BATANGAS | Minor Basilica De San Martin De Tours
Taal Heritage Town Photowalk
A humid and cloudy afternoon, I took a tour of Taal, Batangas with some of the bubbliest bloggers I've ever met for the first time. I really thought my 2012 travels is over after a weekend Surfing trip in Zambales, but towards the last weekend of the year, I received invitation from Ramil of www.pinasmuna.com who spearheaded this little road trip toward the province of Batangas. Not only that, upon arrival, we were expected by the towns Department Of Tourism and we are assigned our own guide, a cool young lad with the sweet Batangueno Accent and positive energy.
It was a day of photo walks, as we all gathered, and first explored this towering Minor Basilica, the largest church in the Philippines and in Asia. Perched strategically on a hill top, the imposing Baroque style edifice looks more like a fortress than a sanctuary for the faithful followers of the Catholic Church. As you can see, the frontal facade of Adobe Stones is actually higher than the roof, it gives an aura of being a big Archway if you haven't been to the lumbering church inside.
The Church And Interior
The imposing structure was a lot charming once inside. Walls filled with murals from walls to the domed ceiling. Bath in ambient light, it was a delight to photograph its every nooks and crannies. What stopped most of us visitors though is that a wedding ceremony is being held at the time. Charming! which reminds me, I'd like to get married in a church like this. Funny, I have no such proposals yet or any prospective at the moment. My mom is waiting for a grandchild to take care. Being a faithful follower of the church, she would love this Basilica. I thought of my mom all of a sudden. Maybe I can bring her here on her next visit.
Talking about exploring a big church, I can have my own jogging fix every morning in here if they will allow. Fancy thinking, but its no mean feat measuring 96 meters long and high, 45 meters wide. Like most old churches, this one is made of Adobe and Coral stones. Making it strong and almost impervious for any impending collapse. Pastoral house beside the church also serve as its little museum, with antiquities showcasing Taal's bounty of Heritage. As describe by our guide, wood blocks would sometimes fall from the ceiling, blocks that came from the original structure. Old woods and beams that had supported this church for so long. Blocks of reminder for our government to make an extra effort in preserving a heritage like this one, not only for the faithful but for the next generation to have a chance of exploring the church, to walk through narrow staircase that leads to the church roof top and bell, to see and feel how old structures looks like.
Murals all over the ceiling, with beautiful contrasting intricate patterns and images images of angels and biblical events that lined the corners and the dome. The nave is impressive and is too far from the church threshold, I have to squint if I want to recognise the person that would stand on the altar. Bright colors of blue, yellow and oranges line the corners, massive columns lined up the whole length of the church each with its own arches and domed ceilings. As was having that Minor Basilica status, this makes the visit to Taal heritage all the more worth it.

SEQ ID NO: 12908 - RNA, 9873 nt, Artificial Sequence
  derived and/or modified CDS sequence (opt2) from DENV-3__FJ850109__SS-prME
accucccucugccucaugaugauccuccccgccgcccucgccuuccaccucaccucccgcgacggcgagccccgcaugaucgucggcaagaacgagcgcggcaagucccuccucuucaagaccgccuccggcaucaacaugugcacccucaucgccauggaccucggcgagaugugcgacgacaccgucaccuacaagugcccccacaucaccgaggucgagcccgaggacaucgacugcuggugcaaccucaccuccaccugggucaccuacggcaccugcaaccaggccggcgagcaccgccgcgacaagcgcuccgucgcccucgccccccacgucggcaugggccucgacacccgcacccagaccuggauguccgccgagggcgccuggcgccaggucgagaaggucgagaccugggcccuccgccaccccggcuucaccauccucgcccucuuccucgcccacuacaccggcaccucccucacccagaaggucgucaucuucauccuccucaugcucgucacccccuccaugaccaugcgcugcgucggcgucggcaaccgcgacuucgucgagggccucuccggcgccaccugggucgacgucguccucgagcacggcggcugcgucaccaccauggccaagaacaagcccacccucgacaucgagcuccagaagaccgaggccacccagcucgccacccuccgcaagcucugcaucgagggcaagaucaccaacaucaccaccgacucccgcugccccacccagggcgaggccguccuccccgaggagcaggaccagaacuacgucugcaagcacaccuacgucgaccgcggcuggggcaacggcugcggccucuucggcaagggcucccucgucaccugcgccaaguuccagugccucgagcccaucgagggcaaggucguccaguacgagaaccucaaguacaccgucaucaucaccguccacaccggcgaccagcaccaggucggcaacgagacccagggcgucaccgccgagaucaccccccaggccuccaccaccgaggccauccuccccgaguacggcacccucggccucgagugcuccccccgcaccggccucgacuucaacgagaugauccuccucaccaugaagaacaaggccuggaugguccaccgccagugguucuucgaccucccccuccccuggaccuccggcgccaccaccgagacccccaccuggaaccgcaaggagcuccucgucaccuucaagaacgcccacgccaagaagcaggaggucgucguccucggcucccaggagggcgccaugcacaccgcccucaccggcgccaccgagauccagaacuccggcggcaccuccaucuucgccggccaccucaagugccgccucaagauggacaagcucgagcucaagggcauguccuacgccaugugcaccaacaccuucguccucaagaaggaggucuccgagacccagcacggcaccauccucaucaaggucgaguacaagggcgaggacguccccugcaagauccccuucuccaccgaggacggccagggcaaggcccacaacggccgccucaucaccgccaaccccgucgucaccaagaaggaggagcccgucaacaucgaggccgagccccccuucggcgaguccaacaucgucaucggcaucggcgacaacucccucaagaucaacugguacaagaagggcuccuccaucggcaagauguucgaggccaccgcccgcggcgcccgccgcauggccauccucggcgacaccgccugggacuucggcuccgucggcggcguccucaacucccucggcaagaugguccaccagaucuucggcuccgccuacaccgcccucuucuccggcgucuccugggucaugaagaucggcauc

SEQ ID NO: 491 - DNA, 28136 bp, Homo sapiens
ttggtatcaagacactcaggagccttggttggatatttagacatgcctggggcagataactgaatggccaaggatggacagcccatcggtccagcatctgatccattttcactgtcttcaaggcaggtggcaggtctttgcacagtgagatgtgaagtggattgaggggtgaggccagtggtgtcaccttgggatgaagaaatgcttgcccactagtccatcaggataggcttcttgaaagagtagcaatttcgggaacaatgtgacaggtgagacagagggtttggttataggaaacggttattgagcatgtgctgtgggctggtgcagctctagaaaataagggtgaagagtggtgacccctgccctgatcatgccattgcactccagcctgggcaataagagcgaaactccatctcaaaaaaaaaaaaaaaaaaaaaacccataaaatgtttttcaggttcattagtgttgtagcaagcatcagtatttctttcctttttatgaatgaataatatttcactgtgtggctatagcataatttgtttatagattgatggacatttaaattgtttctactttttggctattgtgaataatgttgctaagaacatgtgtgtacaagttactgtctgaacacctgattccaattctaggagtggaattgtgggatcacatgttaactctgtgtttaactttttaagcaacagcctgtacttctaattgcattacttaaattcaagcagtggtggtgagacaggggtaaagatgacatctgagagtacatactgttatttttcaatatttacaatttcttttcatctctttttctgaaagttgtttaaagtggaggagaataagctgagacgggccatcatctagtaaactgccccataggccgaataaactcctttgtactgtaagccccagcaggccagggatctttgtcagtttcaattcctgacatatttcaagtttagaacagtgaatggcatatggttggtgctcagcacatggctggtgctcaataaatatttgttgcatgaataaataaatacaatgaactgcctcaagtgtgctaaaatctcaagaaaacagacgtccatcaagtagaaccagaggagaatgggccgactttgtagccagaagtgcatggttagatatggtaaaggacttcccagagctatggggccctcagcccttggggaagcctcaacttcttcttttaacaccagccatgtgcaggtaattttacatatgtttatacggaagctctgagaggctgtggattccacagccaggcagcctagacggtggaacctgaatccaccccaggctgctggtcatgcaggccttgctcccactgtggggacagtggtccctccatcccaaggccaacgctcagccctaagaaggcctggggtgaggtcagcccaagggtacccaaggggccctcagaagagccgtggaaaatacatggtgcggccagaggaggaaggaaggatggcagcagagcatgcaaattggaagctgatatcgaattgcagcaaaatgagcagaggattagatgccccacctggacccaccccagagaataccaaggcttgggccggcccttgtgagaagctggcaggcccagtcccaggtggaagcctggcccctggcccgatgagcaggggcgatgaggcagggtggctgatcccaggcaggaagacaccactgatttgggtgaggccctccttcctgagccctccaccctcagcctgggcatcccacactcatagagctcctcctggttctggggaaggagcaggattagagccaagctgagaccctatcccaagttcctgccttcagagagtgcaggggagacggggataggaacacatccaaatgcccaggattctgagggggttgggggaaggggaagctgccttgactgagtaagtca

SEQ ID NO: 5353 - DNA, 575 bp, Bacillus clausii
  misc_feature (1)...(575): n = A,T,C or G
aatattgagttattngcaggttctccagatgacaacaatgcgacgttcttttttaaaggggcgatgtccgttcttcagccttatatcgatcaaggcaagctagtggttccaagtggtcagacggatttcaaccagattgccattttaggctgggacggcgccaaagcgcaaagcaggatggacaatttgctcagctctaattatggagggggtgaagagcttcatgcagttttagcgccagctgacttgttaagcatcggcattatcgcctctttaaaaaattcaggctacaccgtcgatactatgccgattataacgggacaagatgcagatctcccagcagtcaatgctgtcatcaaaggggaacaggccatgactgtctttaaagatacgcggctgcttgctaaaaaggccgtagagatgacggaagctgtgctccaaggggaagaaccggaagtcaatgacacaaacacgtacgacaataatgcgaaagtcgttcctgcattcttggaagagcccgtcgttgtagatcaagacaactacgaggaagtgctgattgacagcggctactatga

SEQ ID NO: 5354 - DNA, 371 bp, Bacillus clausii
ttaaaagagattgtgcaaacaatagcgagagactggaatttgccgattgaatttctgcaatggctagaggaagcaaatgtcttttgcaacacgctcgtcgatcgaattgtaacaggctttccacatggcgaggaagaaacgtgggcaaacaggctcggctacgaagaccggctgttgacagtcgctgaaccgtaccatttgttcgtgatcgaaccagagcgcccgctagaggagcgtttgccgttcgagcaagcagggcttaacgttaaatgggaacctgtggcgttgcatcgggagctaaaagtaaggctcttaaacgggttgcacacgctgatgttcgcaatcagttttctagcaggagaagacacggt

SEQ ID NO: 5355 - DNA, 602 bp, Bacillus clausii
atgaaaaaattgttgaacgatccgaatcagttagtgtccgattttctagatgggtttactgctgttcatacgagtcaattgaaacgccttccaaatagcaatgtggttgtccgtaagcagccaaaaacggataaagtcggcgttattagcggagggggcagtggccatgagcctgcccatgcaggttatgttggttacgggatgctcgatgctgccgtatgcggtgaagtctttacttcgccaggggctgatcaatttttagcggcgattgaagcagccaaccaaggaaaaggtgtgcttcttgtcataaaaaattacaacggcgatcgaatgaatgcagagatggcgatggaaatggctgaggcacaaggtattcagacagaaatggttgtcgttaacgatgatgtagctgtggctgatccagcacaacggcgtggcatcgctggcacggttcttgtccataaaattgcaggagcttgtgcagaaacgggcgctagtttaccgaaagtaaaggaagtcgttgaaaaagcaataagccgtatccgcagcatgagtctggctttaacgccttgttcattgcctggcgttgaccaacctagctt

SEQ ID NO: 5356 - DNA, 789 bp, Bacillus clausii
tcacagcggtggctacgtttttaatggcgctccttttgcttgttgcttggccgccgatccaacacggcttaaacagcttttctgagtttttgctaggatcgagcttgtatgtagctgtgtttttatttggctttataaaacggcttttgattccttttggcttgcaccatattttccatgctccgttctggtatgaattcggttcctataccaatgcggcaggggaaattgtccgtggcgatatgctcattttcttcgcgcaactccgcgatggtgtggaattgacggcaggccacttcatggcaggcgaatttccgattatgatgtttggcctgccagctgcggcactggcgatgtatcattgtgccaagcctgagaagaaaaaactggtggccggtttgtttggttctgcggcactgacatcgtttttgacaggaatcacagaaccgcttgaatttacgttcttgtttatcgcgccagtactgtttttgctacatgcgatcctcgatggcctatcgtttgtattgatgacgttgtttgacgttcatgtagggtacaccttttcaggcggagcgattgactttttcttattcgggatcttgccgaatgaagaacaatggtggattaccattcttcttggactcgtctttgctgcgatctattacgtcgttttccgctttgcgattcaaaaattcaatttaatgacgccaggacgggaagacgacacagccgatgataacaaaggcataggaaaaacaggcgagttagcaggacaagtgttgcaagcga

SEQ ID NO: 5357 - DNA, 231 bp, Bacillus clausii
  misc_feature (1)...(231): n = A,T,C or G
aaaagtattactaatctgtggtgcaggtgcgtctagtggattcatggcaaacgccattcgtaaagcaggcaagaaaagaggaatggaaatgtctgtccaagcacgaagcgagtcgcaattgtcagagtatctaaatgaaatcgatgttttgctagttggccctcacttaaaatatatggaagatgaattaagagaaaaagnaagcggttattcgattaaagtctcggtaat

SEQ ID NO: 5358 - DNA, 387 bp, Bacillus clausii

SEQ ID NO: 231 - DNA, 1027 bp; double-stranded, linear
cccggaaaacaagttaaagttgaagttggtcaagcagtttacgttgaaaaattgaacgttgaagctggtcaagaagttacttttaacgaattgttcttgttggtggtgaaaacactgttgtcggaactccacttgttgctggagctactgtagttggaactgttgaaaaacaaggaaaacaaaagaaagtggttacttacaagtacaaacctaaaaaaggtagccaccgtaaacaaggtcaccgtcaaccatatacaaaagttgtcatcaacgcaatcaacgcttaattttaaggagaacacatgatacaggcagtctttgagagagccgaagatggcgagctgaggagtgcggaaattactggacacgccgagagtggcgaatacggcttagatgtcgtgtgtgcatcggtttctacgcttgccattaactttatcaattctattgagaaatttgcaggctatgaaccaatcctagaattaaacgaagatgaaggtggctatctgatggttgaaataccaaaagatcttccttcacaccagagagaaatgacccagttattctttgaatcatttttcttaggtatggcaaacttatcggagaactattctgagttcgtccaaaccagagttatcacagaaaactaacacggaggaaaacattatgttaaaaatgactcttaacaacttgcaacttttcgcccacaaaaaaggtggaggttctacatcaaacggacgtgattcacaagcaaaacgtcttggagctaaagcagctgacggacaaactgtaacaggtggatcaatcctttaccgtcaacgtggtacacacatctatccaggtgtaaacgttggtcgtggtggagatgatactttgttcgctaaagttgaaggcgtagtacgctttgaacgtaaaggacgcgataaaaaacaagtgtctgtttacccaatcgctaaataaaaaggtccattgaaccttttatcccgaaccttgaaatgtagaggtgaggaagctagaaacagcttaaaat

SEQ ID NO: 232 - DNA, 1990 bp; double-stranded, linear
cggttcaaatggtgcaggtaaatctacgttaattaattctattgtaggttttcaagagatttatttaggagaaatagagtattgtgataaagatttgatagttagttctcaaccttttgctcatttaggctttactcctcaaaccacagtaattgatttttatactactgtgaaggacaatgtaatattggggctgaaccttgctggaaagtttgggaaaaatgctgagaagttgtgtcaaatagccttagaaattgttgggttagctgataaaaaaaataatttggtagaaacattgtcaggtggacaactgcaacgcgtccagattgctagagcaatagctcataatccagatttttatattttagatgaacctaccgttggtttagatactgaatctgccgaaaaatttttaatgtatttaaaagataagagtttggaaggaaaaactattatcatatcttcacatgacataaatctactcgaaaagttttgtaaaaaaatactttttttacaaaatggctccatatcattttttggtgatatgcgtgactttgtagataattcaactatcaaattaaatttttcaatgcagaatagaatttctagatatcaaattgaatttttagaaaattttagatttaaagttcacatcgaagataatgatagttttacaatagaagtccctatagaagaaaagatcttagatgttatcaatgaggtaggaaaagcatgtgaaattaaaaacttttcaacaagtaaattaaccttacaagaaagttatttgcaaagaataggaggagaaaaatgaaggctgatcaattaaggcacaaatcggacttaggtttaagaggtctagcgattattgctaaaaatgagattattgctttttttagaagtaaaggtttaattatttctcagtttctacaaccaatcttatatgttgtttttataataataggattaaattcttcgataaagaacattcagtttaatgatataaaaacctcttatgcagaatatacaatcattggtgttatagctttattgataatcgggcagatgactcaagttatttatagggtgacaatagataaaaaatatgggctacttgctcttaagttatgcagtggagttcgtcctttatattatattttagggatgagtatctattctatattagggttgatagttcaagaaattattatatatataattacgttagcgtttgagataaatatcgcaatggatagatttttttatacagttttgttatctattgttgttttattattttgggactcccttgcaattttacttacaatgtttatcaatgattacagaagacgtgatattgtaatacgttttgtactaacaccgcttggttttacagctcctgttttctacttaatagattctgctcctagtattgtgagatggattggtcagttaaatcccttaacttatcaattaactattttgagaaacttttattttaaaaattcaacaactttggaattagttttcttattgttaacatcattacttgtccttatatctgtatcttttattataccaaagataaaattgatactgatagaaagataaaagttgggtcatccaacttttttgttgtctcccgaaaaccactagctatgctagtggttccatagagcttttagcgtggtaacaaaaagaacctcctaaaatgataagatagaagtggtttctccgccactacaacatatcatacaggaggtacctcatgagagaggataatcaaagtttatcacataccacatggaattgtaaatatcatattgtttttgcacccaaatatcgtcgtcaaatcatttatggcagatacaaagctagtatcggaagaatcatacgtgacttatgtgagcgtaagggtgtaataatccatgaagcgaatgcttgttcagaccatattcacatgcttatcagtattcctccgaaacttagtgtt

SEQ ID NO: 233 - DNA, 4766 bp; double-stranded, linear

The town of Taal may have a 400 year old history on its belt, but the current Minor Basilica is over a hundred years old. Having been rebuilt from disaster that wrought the church and the town over the centuries.
This Baroque style church was the design of Spanish Architect Luciano Oliver, construction began in 1856 and inaugurated 1865. The church was completed in 1878 by Fr. Agapito Aparicio adding the Doric style altar with the columns lined and the baptistery. The small tower on the left side of the facade that contained the a massive bell was destroyed by the 1942 earthquake. This church was restored in 1953 during the Canonical Canonization of Our Lady of Caysasay. October 22, 1948 when this church was relegated to minor Basilica status. This church has the honorific title as one of the 12 Minor Basilica's in the Philippines, was elevated as the 3rd base on the dates.
A Claim To The Biggest Bell In Asia
This Basilica also claims to house the biggest bell in Asia. A claim which gives me my current dilemma, as I know for a fact that there is also another claim from my home province of Capiz. The church bell of the 200 year old Santa Monica Parochial Church in Pan-ay Capiz, weighing at 10.4 tons an 7 feet in height, in perfect condition as compared to this one in Taal that was wrought by disaster and now hungs in silent slumber. The bells dimension is so close to the one in Taal, but having seen the previous one. My take is that the bell from Capiz should hold the record.
For reference though, Taal's massive bell is 19 feet in circumference from the lip, 9.33 feet from the crown, and 6.42 feet in height. this King of the Bell fell from its belfry during a collapse from 1942 Earthquake. The event damage this massive instrument that it now lies silent and brooding in the church belfry.
There is much more to be said of this beautiful Minor Basilica. Living up to its status, its is an Architectural masterpiece and beautiful inside and out. Even part of our itinerary aside from a visit to the pastoral house is to climb the belfry, walk on the church roof top and of course stand on its highest frontal point. As shown in the photo below, I chose to sit instead as the height is gut wrenching. Circling the roof top, is also viewing the entire town from a high perspective. Its undeniable why this is called a heritage town, seeing as most of the structures are old heritage houses with obvious Spanish influences on it.
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